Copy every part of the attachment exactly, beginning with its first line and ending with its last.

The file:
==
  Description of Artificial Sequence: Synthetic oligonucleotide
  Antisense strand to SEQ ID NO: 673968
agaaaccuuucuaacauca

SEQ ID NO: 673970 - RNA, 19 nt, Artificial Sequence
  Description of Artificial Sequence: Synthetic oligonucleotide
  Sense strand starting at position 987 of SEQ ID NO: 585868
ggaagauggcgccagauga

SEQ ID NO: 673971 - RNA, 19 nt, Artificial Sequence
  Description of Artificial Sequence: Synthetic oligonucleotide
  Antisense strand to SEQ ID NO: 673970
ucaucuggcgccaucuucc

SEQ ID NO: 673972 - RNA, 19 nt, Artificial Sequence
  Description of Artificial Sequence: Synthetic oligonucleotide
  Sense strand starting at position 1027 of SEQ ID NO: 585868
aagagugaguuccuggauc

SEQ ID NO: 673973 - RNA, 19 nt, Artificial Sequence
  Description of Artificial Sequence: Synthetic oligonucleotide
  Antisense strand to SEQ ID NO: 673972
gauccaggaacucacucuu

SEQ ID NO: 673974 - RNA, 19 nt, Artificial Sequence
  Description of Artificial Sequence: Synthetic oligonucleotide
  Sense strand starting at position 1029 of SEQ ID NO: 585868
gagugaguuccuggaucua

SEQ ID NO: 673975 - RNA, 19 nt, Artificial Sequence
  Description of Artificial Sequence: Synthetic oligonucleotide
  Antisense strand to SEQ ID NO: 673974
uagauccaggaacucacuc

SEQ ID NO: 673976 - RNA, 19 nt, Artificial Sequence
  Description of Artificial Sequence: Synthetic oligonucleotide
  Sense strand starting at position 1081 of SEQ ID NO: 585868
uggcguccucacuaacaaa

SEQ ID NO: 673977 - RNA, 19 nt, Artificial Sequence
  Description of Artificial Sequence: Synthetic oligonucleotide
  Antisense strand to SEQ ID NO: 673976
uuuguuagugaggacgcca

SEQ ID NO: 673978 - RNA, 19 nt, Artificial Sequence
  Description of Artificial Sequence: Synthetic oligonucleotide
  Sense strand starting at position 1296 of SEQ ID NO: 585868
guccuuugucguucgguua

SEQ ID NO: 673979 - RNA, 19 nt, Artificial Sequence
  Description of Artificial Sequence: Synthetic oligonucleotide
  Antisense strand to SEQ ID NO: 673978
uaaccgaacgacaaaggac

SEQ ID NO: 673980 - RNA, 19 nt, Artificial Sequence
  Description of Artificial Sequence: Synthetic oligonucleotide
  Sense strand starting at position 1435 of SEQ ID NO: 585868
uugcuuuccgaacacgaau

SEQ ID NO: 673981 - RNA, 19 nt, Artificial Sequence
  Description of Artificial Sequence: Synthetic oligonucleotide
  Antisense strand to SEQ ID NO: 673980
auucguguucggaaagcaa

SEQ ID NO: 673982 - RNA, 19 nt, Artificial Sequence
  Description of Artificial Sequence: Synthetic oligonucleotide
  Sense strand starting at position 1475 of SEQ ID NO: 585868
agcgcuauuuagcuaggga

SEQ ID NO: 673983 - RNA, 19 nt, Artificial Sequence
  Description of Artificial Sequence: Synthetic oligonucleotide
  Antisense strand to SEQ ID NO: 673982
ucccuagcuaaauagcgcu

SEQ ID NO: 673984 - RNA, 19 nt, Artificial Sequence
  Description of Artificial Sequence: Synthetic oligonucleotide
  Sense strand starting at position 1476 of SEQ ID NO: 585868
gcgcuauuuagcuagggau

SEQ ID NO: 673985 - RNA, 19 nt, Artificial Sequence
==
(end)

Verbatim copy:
  Description of Artificial Sequence: Synthetic oligonucleotide
  Antisense strand to SEQ ID NO: 673968
agaaaccuuucuaacauca

SEQ ID NO: 673970 - RNA, 19 nt, Artificial Sequence
  Description of Artificial Sequence: Synthetic oligonucleotide
  Sense strand starting at position 987 of SEQ ID NO: 585868
ggaagauggcgccagauga

SEQ ID NO: 673971 - RNA, 19 nt, Artificial Sequence
  Description of Artificial Sequence: Synthetic oligonucleotide
  Antisense strand to SEQ ID NO: 673970
ucaucuggcgccaucuucc

SEQ ID NO: 673972 - RNA, 19 nt, Artificial Sequence
  Description of Artificial Sequence: Synthetic oligonucleotide
  Sense strand starting at position 1027 of SEQ ID NO: 585868
aagagugaguuccuggauc

SEQ ID NO: 673973 - RNA, 19 nt, Artificial Sequence
  Description of Artificial Sequence: Synthetic oligonucleotide
  Antisense strand to SEQ ID NO: 673972
gauccaggaacucacucuu

SEQ ID NO: 673974 - RNA, 19 nt, Artificial Sequence
  Description of Artificial Sequence: Synthetic oligonucleotide
  Sense strand starting at position 1029 of SEQ ID NO: 585868
gagugaguuccuggaucua

SEQ ID NO: 673975 - RNA, 19 nt, Artificial Sequence
  Description of Artificial Sequence: Synthetic oligonucleotide
  Antisense strand to SEQ ID NO: 673974
uagauccaggaacucacuc

SEQ ID NO: 673976 - RNA, 19 nt, Artificial Sequence
  Description of Artificial Sequence: Synthetic oligonucleotide
  Sense strand starting at position 1081 of SEQ ID NO: 585868
uggcguccucacuaacaaa

SEQ ID NO: 673977 - RNA, 19 nt, Artificial Sequence
  Description of Artificial Sequence: Synthetic oligonucleotide
  Antisense strand to SEQ ID NO: 673976
uuuguuagugaggacgcca

SEQ ID NO: 673978 - RNA, 19 nt, Artificial Sequence
  Description of Artificial Sequence: Synthetic oligonucleotide
  Sense strand starting at position 1296 of SEQ ID NO: 585868
guccuuugucguucgguua

SEQ ID NO: 673979 - RNA, 19 nt, Artificial Sequence
  Description of Artificial Sequence: Synthetic oligonucleotide
  Antisense strand to SEQ ID NO: 673978
uaaccgaacgacaaaggac

SEQ ID NO: 673980 - RNA, 19 nt, Artificial Sequence
  Description of Artificial Sequence: Synthetic oligonucleotide
  Sense strand starting at position 1435 of SEQ ID NO: 585868
uugcuuuccgaacacgaau

SEQ ID NO: 673981 - RNA, 19 nt, Artificial Sequence
  Description of Artificial Sequence: Synthetic oligonucleotide
  Antisense strand to SEQ ID NO: 673980
auucguguucggaaagcaa

SEQ ID NO: 673982 - RNA, 19 nt, Artificial Sequence
  Description of Artificial Sequence: Synthetic oligonucleotide
  Sense strand starting at position 1475 of SEQ ID NO: 585868
agcgcuauuuagcuaggga

SEQ ID NO: 673983 - RNA, 19 nt, Artificial Sequence
  Description of Artificial Sequence: Synthetic oligonucleotide
  Antisense strand to SEQ ID NO: 673982
ucccuagcuaaauagcgcu

SEQ ID NO: 673984 - RNA, 19 nt, Artificial Sequence
  Description of Artificial Sequence: Synthetic oligonucleotide
  Sense strand starting at position 1476 of SEQ ID NO: 585868
gcgcuauuuagcuagggau

SEQ ID NO: 673985 - RNA, 19 nt, Artificial Sequence